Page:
Gigi Sohn, Biden FCC nominee, withdraws name

President Biden’s nominee to the Federal Communications Commission (FCC) withdrew her name on Tuesday after two years of partisan stalemate delayed her confirmation, the White House confirmed.

“We appreciate the candidacy of Gigi Sohn for this important role. She would have brought tremendous talent, intelligence and experience, which is why the president appointed her in the first place,” White House press secretary Karine Jean-Pierre said during a briefing. Press.

“We also appreciate his dedication to public service, his talent and his years of work as one of the nation’s leading public advocates on behalf of American consumers and competition,” she added.

Jean-Pierre declined to share updates on future nominees.

The Washington Post first reported that Sohn removed his name.

In a statement, Sohn said she asked Biden to withdraw his nomination after discussions with his family and “careful consideration.” She said the “relentless, dishonest and cruel attacks” on her character and career from cable lobbyists and the media “have had a huge impact on me and my family.”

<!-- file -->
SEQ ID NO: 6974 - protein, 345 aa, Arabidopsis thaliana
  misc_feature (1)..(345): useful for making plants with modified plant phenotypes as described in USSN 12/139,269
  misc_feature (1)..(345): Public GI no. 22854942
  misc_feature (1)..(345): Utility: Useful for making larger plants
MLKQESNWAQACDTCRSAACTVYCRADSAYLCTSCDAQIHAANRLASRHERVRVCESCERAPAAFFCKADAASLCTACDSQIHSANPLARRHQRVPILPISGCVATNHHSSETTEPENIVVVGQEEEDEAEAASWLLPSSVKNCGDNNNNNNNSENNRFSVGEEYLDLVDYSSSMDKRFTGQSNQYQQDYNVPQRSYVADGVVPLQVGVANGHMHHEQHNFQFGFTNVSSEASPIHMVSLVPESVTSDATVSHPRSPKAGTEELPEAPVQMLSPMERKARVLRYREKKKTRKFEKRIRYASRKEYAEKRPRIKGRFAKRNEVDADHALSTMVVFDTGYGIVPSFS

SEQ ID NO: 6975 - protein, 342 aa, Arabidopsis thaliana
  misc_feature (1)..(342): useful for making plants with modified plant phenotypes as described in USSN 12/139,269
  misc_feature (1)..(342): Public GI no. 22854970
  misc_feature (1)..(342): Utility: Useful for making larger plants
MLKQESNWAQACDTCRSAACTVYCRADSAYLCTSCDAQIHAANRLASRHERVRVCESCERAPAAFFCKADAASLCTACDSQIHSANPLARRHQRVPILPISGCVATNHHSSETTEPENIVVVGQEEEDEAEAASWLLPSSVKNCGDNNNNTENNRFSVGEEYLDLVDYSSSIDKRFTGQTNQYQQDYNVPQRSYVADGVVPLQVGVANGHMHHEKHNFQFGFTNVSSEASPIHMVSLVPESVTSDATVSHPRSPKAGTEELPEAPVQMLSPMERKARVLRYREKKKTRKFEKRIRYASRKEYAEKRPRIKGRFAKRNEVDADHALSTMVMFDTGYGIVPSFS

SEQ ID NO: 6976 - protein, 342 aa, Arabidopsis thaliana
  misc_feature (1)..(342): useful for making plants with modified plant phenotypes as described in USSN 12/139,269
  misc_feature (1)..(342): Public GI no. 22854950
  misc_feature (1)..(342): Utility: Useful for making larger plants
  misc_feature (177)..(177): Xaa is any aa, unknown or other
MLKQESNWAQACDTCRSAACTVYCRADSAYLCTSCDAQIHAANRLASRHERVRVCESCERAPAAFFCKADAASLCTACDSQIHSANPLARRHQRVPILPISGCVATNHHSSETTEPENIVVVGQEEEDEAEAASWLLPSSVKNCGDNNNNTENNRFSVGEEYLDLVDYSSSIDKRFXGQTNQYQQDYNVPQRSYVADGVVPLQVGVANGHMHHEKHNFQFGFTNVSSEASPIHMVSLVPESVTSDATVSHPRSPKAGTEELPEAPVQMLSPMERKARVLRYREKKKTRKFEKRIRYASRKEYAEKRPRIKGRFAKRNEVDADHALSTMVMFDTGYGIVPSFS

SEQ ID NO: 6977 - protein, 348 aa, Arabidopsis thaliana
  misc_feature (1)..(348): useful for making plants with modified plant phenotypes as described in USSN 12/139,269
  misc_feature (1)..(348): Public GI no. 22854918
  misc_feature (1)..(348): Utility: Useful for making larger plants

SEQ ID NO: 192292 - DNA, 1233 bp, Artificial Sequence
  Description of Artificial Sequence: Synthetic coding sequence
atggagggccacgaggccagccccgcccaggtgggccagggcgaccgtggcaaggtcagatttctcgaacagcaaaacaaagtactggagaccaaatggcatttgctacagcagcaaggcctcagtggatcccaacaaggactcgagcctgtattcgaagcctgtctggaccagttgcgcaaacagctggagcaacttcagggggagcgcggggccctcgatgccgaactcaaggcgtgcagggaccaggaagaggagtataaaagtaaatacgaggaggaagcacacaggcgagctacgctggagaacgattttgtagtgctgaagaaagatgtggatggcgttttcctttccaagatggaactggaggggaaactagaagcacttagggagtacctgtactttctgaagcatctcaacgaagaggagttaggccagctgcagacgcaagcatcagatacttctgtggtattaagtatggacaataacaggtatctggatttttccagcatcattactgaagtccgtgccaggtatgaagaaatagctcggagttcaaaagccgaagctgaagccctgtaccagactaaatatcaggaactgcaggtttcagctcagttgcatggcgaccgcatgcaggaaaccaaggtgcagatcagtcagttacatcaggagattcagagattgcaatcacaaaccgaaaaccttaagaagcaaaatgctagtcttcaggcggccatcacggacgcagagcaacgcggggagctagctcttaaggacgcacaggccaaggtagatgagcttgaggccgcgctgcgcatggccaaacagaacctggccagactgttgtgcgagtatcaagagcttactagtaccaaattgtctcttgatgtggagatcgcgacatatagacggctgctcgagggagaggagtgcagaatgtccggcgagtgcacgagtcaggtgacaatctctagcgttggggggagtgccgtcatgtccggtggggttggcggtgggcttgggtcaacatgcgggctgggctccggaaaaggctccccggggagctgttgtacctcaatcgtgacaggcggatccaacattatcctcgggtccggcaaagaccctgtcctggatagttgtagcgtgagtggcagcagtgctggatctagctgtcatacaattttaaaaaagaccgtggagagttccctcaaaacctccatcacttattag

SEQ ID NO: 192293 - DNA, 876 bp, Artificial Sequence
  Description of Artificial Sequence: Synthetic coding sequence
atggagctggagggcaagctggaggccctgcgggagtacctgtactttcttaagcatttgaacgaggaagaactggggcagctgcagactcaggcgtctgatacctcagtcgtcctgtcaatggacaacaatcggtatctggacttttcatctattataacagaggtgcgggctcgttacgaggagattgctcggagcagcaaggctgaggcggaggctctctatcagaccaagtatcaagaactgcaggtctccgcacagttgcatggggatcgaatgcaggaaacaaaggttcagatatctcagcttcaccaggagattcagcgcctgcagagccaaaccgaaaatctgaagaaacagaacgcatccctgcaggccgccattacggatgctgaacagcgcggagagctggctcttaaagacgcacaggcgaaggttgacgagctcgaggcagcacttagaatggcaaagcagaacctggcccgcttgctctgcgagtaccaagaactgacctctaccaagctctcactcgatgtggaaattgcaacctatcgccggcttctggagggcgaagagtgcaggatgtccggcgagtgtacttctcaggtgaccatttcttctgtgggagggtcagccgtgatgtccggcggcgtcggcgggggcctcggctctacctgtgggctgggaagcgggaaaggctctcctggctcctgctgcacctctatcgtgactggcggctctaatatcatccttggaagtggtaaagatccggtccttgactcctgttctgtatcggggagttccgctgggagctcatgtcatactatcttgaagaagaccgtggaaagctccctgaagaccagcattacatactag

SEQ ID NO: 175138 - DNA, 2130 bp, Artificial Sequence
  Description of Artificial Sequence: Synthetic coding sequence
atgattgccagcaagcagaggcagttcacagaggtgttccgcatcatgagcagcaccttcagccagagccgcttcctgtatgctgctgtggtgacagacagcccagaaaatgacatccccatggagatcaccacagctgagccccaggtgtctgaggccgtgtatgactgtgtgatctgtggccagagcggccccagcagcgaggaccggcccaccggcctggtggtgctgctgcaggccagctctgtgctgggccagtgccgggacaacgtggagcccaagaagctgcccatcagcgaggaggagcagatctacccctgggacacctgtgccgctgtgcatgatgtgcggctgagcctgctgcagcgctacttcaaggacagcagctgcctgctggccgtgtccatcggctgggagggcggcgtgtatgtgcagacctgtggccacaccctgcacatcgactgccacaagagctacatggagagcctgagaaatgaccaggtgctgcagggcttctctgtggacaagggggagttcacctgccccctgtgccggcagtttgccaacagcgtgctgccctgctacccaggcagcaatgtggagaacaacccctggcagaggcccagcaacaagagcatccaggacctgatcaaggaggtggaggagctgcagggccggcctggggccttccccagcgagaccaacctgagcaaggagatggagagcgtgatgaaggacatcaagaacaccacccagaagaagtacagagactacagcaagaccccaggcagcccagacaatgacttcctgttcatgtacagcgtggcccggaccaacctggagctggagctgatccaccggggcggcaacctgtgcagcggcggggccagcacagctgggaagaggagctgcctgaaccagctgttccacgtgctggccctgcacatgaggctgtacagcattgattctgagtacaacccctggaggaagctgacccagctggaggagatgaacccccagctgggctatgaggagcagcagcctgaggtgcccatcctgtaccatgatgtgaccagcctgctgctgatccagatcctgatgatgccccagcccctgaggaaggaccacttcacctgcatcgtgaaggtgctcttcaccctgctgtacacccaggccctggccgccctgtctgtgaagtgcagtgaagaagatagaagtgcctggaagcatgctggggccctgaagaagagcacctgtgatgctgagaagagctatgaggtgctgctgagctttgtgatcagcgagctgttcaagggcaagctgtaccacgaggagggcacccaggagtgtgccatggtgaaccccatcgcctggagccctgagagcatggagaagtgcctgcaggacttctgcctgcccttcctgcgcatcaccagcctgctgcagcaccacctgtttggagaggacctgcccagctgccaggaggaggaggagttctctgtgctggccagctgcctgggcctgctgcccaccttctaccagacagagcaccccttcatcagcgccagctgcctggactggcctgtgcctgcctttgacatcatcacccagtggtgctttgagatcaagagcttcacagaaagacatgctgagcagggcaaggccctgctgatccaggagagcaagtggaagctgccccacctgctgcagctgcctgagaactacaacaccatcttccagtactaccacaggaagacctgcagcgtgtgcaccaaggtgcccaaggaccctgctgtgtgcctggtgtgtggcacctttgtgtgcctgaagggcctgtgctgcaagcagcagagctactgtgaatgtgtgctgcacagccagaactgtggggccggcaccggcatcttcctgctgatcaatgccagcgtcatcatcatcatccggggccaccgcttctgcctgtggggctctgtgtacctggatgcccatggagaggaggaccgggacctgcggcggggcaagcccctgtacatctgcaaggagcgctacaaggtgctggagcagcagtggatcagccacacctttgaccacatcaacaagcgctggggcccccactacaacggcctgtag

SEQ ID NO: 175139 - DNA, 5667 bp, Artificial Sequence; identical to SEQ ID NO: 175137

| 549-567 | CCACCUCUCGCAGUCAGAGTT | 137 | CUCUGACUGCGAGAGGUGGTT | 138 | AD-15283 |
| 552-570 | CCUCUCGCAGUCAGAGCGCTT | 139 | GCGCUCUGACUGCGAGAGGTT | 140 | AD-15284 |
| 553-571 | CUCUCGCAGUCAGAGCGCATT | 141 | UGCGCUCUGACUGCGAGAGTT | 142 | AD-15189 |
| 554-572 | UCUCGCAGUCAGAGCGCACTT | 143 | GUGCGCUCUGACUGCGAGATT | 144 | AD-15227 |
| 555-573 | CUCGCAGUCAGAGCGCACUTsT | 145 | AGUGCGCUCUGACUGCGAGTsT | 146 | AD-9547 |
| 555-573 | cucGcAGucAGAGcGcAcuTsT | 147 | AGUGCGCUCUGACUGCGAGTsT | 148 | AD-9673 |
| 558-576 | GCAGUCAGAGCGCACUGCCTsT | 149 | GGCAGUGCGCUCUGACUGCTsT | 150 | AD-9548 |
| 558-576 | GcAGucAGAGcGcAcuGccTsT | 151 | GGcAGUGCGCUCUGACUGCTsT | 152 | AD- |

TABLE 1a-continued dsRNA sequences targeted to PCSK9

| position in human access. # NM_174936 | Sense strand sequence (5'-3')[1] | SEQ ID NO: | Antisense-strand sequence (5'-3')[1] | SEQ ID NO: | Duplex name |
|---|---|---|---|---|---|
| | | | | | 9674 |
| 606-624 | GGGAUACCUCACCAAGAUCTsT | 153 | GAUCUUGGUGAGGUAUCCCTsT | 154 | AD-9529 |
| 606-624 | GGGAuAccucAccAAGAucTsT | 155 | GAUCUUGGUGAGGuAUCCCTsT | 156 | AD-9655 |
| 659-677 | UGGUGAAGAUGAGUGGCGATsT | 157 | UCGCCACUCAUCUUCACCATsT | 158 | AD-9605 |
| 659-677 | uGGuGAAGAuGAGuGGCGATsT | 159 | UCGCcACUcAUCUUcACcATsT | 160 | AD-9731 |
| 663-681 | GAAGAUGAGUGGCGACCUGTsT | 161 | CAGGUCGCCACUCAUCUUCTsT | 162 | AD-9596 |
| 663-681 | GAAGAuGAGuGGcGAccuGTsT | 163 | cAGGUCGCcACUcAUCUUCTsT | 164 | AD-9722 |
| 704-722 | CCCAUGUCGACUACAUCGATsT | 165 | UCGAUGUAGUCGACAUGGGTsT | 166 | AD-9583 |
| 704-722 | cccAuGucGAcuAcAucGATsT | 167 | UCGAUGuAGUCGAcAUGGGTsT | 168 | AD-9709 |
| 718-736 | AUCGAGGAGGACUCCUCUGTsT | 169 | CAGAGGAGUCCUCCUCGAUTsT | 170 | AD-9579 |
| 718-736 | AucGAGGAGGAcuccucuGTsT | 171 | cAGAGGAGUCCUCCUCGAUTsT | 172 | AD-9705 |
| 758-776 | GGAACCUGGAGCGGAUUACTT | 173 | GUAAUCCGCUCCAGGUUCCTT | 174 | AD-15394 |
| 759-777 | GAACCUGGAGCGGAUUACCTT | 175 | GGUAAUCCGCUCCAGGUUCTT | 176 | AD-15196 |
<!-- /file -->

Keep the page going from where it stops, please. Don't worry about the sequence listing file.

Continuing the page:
“It is a sad day for our country and our democracy when mainstream industries, with the help of unlimited black money, can choose their regulators. And with the help of their friends in the Senate, the powerful cable companies and media did just that,” Sohn said.

Earlier Tuesday, Sen. Joe Manchin (DW.V.) said he wouldn’t support confirming Sohn, further complicating the chances of Democrats confirming Sohn given their narrow majority and the fierce GOP backlash against Sohn.

Sohn is an attorney with more than three decades of experience in technology privacy law and previously served as a key aide to former FCC Chairman Tom Wheeler.

Democrats touted her experience and years of service, but Republicans accused her of being too left-leaning to take the agency job.

The delay in confirming a full FCC has left the agency unable to advance parts of the Democrats’ agenda, such as advancing action to reinstate Obama-era net neutrality laws.

Sohn said the “real losers” are the American people based on the FCC’s 2-2 stalemate that prevents the agency from advancing certain policies.

“As someone who has advocated my entire career for affordable and accessible broadband for every American, it is ironic that the FCC 2-2 is left out of the most important opportunity for broadband in our life,” Sohn said.

Alex Gangitano contributed. Updated at 2:31 p.m.

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